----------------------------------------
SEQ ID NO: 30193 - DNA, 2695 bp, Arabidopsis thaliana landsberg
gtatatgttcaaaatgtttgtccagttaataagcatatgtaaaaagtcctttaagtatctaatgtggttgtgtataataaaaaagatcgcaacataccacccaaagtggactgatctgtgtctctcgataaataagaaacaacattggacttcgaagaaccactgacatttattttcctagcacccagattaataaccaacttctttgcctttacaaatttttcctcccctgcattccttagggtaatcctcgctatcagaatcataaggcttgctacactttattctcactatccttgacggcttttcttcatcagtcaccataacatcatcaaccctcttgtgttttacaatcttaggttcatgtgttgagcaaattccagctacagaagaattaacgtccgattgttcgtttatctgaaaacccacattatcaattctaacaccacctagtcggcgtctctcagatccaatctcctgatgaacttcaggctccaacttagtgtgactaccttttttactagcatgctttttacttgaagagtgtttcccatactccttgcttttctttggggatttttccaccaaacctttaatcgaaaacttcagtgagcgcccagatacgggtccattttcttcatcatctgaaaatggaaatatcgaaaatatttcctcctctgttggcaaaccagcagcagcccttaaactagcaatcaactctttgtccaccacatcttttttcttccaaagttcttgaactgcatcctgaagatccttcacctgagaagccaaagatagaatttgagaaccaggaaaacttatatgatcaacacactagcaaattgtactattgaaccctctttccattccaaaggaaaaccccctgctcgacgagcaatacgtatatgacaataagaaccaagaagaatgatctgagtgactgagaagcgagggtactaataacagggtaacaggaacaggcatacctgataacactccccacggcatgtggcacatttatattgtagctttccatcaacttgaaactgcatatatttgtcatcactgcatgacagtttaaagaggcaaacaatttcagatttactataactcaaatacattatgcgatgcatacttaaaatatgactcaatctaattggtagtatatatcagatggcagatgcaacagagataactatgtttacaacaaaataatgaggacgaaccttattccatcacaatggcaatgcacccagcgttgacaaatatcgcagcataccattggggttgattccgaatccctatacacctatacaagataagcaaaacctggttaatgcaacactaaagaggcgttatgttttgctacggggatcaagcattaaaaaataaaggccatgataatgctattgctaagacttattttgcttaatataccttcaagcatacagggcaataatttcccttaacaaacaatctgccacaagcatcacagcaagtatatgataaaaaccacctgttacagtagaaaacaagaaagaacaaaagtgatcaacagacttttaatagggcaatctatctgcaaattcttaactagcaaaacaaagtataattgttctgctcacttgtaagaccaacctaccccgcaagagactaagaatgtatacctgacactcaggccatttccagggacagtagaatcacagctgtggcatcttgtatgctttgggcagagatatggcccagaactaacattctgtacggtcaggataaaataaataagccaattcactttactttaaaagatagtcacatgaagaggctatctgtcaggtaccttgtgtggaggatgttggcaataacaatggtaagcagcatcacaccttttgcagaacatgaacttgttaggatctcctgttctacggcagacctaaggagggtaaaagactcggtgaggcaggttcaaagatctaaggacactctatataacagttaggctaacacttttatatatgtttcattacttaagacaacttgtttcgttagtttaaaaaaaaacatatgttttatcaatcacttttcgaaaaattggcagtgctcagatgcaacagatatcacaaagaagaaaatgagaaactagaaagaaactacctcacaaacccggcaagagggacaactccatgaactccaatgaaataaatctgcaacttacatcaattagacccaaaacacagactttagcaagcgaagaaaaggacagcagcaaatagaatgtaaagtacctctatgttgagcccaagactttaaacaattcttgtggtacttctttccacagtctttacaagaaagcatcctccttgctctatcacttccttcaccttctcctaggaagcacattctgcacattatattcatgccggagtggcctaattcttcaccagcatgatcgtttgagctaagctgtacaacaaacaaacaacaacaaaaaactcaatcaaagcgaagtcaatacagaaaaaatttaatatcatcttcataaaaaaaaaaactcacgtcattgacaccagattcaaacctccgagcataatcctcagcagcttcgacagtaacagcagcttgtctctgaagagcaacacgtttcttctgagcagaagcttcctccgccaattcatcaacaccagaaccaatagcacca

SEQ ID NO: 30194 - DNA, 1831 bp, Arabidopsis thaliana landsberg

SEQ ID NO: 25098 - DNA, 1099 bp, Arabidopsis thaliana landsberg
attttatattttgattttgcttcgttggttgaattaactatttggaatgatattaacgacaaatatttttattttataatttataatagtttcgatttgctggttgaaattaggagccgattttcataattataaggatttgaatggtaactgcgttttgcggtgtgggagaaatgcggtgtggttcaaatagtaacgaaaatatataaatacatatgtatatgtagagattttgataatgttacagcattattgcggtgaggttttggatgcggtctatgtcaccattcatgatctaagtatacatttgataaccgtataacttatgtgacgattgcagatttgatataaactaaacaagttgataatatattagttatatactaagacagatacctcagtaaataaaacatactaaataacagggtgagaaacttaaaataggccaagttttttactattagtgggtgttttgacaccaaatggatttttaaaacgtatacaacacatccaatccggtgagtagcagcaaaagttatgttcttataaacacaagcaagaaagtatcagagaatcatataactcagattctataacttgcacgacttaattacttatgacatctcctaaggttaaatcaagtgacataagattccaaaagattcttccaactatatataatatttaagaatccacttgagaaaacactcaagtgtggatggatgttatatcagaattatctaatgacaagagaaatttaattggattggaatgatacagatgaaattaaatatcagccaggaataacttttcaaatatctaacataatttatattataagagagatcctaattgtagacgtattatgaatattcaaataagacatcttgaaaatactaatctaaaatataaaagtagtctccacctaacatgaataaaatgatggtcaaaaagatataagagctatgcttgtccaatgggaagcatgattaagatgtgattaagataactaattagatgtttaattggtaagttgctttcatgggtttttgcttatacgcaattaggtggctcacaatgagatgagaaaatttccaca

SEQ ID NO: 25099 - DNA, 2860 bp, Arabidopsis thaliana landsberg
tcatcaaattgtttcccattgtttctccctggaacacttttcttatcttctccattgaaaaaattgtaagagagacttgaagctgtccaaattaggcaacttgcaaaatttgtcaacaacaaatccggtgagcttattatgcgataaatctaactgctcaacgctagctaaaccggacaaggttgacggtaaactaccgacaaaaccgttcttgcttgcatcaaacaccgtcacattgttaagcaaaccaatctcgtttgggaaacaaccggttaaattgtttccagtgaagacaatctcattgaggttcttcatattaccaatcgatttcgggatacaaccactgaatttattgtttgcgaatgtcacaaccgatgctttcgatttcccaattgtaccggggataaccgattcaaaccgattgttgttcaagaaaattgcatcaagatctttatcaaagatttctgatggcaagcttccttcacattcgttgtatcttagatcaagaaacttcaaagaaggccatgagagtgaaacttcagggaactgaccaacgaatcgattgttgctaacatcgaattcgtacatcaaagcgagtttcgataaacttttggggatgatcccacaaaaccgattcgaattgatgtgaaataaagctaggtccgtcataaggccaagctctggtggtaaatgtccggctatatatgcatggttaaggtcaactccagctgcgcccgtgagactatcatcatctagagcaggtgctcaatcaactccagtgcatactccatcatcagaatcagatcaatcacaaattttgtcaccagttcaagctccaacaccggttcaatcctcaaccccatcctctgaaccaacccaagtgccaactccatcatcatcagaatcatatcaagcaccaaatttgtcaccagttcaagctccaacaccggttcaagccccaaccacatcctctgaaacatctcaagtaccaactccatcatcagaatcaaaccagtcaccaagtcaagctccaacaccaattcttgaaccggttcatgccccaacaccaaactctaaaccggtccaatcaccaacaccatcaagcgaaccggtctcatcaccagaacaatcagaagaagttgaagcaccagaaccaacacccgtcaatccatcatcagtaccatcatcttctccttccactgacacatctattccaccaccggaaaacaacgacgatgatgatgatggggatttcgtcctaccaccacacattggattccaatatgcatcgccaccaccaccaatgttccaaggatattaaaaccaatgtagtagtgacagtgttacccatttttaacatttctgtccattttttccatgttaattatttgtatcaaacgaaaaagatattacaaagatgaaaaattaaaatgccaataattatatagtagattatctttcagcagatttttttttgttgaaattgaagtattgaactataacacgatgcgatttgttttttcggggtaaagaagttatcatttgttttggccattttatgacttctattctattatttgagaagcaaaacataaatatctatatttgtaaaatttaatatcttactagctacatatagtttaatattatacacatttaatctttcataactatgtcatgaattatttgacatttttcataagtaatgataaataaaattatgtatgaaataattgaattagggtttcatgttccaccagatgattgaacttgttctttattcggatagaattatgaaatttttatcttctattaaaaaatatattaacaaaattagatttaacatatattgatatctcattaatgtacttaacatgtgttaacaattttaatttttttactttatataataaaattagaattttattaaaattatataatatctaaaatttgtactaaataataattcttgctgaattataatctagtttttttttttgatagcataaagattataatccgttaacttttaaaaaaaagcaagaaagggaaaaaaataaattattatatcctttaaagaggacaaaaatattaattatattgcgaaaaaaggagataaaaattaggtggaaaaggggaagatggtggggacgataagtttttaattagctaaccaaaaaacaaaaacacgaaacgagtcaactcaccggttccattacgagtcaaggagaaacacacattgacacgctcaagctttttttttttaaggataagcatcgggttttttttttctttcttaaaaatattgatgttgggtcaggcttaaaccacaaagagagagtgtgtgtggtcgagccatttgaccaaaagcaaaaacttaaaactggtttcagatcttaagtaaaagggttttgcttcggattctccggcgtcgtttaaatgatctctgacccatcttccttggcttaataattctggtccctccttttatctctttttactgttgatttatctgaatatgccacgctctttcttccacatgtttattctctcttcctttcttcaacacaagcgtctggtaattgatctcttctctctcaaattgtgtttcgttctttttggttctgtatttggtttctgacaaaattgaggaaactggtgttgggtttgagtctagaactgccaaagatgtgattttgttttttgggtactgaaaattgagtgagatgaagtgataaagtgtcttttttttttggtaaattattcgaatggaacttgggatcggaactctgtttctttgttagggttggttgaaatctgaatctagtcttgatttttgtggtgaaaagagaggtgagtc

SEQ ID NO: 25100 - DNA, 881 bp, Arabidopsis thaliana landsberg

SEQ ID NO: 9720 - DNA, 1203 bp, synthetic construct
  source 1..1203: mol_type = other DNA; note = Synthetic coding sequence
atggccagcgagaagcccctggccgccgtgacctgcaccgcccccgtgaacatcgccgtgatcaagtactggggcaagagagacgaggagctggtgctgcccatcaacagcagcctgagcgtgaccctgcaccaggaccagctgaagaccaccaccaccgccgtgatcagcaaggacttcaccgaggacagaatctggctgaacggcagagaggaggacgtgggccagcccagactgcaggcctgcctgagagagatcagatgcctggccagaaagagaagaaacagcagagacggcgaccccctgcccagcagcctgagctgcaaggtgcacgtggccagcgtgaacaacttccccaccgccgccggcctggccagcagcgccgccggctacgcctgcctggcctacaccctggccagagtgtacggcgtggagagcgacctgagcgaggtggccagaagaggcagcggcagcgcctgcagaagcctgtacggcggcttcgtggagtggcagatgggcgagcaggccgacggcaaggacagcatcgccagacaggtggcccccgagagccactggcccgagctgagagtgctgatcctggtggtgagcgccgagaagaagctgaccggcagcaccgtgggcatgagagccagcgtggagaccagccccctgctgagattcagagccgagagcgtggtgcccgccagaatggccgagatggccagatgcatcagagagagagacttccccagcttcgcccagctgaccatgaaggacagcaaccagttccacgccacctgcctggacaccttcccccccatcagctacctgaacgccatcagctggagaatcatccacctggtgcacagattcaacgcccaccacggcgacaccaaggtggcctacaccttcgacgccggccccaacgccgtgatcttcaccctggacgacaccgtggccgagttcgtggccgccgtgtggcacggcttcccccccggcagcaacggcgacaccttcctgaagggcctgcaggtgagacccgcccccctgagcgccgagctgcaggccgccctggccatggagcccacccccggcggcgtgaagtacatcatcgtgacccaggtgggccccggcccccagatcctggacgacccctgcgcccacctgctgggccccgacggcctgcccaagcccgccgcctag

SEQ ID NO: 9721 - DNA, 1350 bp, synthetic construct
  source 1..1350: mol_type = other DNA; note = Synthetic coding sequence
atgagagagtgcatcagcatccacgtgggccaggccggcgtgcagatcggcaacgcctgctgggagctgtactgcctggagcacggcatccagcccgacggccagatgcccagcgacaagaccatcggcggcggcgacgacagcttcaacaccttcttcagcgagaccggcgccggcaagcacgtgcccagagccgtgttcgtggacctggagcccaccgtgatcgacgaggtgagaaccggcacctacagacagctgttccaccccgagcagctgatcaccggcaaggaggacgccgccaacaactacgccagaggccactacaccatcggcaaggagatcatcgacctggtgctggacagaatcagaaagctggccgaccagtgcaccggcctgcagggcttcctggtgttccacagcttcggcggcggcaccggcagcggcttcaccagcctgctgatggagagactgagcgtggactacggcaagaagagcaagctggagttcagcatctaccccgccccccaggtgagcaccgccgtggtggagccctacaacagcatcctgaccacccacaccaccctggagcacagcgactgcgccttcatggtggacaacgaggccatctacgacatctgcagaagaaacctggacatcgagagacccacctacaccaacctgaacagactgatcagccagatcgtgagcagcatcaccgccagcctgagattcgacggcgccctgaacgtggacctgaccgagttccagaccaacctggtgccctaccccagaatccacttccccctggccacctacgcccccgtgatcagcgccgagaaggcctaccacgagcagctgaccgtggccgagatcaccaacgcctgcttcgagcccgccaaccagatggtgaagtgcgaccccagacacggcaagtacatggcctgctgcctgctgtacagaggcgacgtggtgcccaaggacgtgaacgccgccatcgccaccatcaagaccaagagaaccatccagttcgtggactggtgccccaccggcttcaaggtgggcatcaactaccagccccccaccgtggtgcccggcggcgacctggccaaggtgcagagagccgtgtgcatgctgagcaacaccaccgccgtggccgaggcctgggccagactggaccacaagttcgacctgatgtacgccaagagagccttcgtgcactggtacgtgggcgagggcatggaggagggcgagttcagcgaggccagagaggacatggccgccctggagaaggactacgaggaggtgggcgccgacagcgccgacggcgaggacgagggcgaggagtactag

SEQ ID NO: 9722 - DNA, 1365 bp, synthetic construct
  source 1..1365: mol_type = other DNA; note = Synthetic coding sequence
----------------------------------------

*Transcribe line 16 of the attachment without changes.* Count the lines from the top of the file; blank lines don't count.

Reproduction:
  source 1..1365: mol_type = other DNA; note = Synthetic coding sequence